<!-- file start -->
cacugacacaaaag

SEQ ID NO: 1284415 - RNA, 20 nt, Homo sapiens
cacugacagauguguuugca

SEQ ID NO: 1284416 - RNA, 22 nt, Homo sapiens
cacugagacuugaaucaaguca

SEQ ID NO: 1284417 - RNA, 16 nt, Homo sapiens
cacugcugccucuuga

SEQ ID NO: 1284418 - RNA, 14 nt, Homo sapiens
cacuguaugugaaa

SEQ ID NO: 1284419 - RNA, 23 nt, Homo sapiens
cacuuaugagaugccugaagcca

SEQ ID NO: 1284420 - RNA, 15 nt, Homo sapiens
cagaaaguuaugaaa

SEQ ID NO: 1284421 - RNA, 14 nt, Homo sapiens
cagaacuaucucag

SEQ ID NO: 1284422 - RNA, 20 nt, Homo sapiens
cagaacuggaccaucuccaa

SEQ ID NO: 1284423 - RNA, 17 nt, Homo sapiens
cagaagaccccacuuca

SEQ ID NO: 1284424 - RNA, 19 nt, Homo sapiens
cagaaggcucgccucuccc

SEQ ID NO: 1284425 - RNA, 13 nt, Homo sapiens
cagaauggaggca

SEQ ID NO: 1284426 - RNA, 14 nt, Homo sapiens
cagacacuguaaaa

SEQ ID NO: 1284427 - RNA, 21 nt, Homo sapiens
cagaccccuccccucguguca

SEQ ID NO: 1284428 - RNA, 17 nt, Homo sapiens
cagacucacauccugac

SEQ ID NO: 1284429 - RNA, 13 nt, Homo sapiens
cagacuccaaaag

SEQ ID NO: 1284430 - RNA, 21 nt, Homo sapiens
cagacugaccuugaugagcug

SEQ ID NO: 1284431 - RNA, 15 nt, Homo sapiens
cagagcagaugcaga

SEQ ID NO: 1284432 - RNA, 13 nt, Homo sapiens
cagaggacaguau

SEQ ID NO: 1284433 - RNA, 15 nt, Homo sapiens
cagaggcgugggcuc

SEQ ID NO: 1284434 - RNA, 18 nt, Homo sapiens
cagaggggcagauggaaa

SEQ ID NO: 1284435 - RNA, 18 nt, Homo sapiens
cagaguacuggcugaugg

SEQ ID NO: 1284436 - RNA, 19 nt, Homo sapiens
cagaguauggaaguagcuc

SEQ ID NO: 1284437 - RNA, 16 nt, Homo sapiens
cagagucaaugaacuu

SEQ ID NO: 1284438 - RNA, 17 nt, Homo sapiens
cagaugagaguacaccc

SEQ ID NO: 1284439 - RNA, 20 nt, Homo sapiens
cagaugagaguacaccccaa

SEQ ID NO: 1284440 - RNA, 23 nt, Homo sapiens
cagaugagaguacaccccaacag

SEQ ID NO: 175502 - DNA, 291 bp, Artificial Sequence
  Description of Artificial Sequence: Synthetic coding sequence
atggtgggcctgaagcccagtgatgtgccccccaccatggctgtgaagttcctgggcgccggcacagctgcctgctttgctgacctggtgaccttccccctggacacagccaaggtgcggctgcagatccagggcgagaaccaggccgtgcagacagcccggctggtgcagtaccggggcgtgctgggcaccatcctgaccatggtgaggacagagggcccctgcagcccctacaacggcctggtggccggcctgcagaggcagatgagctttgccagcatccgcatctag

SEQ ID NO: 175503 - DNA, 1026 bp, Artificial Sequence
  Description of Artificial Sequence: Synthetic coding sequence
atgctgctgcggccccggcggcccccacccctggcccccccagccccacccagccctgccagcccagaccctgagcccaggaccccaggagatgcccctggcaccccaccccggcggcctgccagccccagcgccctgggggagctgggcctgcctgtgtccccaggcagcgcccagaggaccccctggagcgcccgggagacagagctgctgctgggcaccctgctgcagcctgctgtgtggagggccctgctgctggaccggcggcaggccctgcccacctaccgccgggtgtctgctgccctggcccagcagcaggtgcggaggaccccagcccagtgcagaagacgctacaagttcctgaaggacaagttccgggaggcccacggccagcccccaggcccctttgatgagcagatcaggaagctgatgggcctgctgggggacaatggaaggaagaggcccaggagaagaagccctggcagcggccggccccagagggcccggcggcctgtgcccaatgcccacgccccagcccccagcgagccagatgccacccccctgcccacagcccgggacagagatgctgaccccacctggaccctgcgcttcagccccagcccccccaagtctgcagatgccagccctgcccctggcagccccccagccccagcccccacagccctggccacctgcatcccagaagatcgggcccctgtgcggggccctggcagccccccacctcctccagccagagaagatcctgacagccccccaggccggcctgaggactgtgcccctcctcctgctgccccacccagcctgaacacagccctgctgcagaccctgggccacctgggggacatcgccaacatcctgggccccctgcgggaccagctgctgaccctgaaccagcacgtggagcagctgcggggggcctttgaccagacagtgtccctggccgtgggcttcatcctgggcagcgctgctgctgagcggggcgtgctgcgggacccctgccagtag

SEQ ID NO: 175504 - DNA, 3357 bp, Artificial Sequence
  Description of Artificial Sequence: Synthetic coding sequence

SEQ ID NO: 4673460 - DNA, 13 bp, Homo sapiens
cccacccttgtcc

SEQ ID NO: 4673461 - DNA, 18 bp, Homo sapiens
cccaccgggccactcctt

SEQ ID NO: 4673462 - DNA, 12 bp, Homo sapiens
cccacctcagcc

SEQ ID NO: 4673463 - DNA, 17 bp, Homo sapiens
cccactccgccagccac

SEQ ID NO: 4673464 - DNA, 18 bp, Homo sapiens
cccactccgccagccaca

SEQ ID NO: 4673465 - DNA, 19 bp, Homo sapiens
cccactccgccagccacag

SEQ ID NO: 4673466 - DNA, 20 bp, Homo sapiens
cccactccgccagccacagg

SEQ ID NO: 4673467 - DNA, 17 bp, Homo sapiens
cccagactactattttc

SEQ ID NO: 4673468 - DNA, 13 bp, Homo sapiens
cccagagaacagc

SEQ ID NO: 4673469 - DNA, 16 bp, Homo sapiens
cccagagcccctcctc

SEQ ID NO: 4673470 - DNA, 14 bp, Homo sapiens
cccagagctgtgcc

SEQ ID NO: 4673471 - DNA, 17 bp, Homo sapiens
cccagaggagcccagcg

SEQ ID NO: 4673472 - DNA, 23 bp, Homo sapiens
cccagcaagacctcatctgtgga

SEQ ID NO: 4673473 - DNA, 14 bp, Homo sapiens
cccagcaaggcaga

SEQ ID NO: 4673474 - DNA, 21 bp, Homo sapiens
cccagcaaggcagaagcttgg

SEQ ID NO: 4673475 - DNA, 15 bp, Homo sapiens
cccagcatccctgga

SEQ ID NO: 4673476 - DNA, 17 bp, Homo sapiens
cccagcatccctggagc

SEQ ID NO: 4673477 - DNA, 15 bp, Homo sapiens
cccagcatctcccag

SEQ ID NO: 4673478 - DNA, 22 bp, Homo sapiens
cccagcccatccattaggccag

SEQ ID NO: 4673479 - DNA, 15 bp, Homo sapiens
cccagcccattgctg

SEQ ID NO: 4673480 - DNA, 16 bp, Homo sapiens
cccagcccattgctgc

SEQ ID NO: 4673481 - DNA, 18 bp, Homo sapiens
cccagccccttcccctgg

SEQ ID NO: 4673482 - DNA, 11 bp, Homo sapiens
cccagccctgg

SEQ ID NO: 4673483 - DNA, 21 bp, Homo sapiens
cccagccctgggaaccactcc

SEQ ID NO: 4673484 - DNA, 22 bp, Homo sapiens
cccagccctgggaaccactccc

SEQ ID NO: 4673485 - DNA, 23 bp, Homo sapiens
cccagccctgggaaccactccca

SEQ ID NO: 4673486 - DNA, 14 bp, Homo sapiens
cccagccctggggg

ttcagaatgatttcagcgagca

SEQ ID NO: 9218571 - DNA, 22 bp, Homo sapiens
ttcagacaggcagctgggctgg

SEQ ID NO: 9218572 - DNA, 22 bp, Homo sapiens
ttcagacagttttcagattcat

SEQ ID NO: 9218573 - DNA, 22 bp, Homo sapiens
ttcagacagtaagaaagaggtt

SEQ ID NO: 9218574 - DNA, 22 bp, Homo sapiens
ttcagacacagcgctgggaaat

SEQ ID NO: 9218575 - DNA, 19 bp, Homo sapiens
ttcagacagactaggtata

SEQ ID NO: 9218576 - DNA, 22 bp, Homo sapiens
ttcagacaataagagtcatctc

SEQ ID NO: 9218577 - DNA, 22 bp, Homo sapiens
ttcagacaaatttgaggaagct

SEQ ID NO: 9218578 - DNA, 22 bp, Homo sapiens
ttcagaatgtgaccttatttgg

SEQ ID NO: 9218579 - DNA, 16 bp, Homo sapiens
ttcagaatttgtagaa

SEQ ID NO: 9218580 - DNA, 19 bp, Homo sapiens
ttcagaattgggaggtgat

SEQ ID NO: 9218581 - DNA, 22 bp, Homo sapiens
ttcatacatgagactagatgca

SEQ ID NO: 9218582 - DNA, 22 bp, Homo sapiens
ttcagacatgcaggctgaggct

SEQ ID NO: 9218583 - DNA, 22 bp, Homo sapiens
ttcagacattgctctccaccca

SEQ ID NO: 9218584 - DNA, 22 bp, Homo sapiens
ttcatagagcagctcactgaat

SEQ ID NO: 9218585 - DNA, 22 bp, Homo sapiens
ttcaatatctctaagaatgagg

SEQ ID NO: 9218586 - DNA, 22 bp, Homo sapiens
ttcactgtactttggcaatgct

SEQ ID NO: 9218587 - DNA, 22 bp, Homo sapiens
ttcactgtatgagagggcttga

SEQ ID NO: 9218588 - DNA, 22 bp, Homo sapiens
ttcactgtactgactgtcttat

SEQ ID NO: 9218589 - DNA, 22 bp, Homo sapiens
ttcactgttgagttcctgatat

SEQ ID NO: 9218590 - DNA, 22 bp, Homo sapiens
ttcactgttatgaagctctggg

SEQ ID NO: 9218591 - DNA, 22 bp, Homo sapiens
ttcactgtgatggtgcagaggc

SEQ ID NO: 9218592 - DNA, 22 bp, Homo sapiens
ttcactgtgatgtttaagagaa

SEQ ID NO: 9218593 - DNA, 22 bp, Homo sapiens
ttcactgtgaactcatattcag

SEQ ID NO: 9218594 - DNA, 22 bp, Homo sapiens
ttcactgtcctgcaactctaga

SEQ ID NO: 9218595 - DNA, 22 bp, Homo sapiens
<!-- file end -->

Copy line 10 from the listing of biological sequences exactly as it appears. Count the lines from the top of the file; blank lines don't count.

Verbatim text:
SEQ ID NO: 1284419 - RNA, 23 nt, Homo sapiens